The new Dietitians of Canada cookbook, "Cook!" is out, in time for Nutrition Month! You can buy it on Amazon or Chapters. I have 4 recipes published in this book. This is one of my favorite muffin recipes, from my Great Aunt Joan. I often encourage clients to bake healthy muffins and cookies to have on had for snacks. This recipe is high in fibre and contains no white flour!
Apricot Oatmeal Bran Muffins
preheat oven to 375 degrees F
1/2 cup wheat bran
1/2 cup boiling water
1.5 cups whole wheat flour
1 cup quick-cooking rolled oats
1/3 cup wheat germ
1 tsp baking soda
1/4 tsp salt
1/2 cup brown sugar
1 cup buttermilk
1/3 cup canola oil
1 cup chopped dried apricots
1) In a small bowl, stir together wheat bran and boiling water; set aside.
2) In a large bowl combine flour, oats, wheat germ, baking soda and salt.
3) In a med bowl, whisk together brown sugar, egg, buttermilk and oil until blended. Pour over flour mixture, along with bran mixture, and stir until just combined. Fold in apricots....
For some reason, agave nectar still seems to have a health halo around it. My healthiest clients and friends that strive to eat whole and healthy foods often use agave instead of sugar. Yes, it sounds fancy and perhaps you have heard it has a lower glycemic index than sugar. That’s true. Even though it has the same amount of calories as sugar, it is 1.5 x sweeter than sugar, so you shouldn’t need to use as much. Which is great. But I still do not like agave. I bought some before doing any research a while back, and ended up giving it away.
Why? Yes, it is processed and it does not contain vitamins, minerals or antioxidants. And it contains more fructose that high fructose corn syrup (HFCS). Sources vary, but agave can be up to 90% fructose, where as HFCS is 55%. What’s wrong with fructose? Fructose can cause decreased glucose tolerance, high triglycerides and metabolic syndrome (which can lead to heart disease, stroke and diabetes). Considering that, if you eat a...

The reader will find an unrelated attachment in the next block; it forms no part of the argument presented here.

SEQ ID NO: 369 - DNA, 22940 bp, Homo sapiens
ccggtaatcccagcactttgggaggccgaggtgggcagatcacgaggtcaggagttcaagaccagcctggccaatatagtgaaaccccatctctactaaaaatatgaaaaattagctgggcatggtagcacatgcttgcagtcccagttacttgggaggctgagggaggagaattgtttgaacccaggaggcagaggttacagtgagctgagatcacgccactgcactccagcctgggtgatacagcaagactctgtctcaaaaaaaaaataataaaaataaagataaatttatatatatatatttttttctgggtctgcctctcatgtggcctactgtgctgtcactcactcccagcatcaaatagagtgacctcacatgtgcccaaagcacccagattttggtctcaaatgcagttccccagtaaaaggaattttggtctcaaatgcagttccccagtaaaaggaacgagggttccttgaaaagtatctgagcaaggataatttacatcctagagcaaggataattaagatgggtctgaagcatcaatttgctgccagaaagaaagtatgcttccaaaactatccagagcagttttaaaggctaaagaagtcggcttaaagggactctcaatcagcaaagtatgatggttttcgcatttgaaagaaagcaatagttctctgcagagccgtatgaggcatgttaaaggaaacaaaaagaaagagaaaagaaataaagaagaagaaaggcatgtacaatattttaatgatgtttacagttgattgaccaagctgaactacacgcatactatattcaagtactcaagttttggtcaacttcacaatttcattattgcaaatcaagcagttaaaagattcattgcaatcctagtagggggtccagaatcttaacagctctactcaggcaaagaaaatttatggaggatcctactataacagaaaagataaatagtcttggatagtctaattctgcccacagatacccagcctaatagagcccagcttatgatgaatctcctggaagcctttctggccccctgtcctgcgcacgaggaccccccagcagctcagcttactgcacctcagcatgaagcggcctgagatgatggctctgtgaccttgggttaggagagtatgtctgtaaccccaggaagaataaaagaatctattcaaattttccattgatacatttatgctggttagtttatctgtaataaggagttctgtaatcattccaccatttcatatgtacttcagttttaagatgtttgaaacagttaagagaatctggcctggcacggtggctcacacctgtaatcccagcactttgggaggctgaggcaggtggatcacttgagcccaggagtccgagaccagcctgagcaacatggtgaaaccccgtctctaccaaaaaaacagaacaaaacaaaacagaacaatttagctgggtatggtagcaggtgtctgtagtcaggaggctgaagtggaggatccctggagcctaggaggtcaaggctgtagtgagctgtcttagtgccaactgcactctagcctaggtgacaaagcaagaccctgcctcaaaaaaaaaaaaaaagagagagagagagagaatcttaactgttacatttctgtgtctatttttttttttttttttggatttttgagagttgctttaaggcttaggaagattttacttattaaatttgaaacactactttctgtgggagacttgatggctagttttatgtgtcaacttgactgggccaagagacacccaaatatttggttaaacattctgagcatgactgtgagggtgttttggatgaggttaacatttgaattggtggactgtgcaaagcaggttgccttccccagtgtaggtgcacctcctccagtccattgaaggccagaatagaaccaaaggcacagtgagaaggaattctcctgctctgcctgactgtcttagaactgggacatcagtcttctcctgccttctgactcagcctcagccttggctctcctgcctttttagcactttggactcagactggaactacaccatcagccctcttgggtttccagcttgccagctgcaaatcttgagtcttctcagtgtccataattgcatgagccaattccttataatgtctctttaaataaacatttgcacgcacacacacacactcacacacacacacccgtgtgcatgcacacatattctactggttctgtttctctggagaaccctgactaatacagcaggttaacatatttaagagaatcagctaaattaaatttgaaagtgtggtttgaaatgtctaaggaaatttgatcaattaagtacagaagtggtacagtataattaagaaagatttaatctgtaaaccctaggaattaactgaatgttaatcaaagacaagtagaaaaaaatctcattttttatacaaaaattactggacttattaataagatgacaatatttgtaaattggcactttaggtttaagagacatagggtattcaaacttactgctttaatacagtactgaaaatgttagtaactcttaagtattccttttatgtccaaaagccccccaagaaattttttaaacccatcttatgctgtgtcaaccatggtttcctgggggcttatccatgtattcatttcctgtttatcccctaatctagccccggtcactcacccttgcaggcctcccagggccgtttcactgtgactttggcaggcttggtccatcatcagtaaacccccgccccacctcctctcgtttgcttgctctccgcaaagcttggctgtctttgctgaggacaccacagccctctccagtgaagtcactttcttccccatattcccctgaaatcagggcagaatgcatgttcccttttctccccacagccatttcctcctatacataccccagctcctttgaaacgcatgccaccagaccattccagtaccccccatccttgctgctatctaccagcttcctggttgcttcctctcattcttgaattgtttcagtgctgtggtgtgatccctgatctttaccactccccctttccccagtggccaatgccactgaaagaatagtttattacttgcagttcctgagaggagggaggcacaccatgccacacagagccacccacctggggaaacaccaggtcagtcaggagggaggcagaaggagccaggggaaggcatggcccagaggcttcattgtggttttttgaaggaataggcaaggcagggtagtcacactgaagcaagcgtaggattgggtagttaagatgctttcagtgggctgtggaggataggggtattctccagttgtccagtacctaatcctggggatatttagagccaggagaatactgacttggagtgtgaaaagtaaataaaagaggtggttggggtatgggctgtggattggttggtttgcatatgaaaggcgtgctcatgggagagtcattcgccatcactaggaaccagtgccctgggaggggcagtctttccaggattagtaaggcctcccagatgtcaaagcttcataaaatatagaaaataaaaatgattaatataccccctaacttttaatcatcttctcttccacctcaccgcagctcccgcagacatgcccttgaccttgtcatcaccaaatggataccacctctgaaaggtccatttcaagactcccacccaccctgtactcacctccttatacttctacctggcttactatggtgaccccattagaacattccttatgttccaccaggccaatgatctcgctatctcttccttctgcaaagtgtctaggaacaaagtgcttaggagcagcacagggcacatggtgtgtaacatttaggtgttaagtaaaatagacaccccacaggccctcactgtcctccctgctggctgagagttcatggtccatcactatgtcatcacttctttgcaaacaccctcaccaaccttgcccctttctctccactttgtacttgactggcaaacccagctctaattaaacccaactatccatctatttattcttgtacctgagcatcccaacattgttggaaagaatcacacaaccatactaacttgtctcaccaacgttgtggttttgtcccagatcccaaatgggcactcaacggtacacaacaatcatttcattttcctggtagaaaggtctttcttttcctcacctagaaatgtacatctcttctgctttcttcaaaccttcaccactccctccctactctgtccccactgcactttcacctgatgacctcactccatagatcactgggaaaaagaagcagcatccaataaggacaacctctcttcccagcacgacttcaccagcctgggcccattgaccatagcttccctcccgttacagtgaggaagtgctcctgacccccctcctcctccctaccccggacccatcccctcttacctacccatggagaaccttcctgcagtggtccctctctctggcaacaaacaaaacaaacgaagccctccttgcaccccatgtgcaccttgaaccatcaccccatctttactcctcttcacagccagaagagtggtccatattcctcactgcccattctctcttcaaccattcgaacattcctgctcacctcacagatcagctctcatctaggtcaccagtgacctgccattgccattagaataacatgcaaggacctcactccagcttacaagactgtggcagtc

Are you worried that your baby is not eating enough food? Wondering how they subsist mostly on milk (or even air?!) some days?
Or maybe you just came from a visit to the doctor or health nurse, and were concerned about your baby's (or toddler's or child's) growth. First of all, you are the parent. You know your baby best. Trust your baby - and you will do a great job! Often recommendations about how much your baby should be eating come from health care providers who are short on time and are just following the standard (and sometimes old) recommendations. Some are not parents themselves, or they may not be very familiar with current infant feeding practices.
It's common to see government-produced handouts with a days worth of food for the average baby or toddler. I have had many parents come to me, concerned that their baby isn't eating even close to the amounts listed in these guidelines. Heck, my 18 month old doesn't eat this much and some days my 5 year old doesn't either!
Coconut Palm Sugar
Coconut products have been hugely popular lately, from coconut water to oil to milk. Coconut palm sugar is a natural sweetener alternative. It is made from the nectar from the tree flowers. The Food and Agriculture organization of the United Nations believes palm sweeteners are the most sustainable sweetener on the planet. It can be substituted 1:1 for sugar in recipes, as it is of similar sweetness to sugar. It is dark in colour and has a rich flavour, so may be a better substitute for brown sugar.
Coconut Palm sugar was given recently popularity due to a feature on the Dr OZ show, as can be seen here Dr Oz claims Coconut Palm sugar can stabilize your blood sugar and contains iron and vitamins. The blood sugar claims are an exaggeration. His chart may be accurate if you ate 100% pure coconut palm sugar vs 100% pure sugar all day. However, we eat these foods mixed in, and with other foods that effect blood sugars in different ways. For example, mixed with a latte,...
This is one of our favorite muffin recipes. I keep a stock in the freezer for easy snacks of packing school lunches.
1 cup all-purpose flour
1 cup whole wheat flour
1 tsp baking soda
1 tsp salt
1.5 cups semi sweet chocolate chips
1/4 cup butter or non-hydrogenated margarine
3/4 cup granulated sugar
1 tsp vanilla extract
1 cup (2-3 bananas) ripe mashed bananas
6 scoops Mila* (ground chia seed) OR ground flax
1 cup water
1) Preheat oven to 350 degrees F and prepare two small 12 cup muffin trays.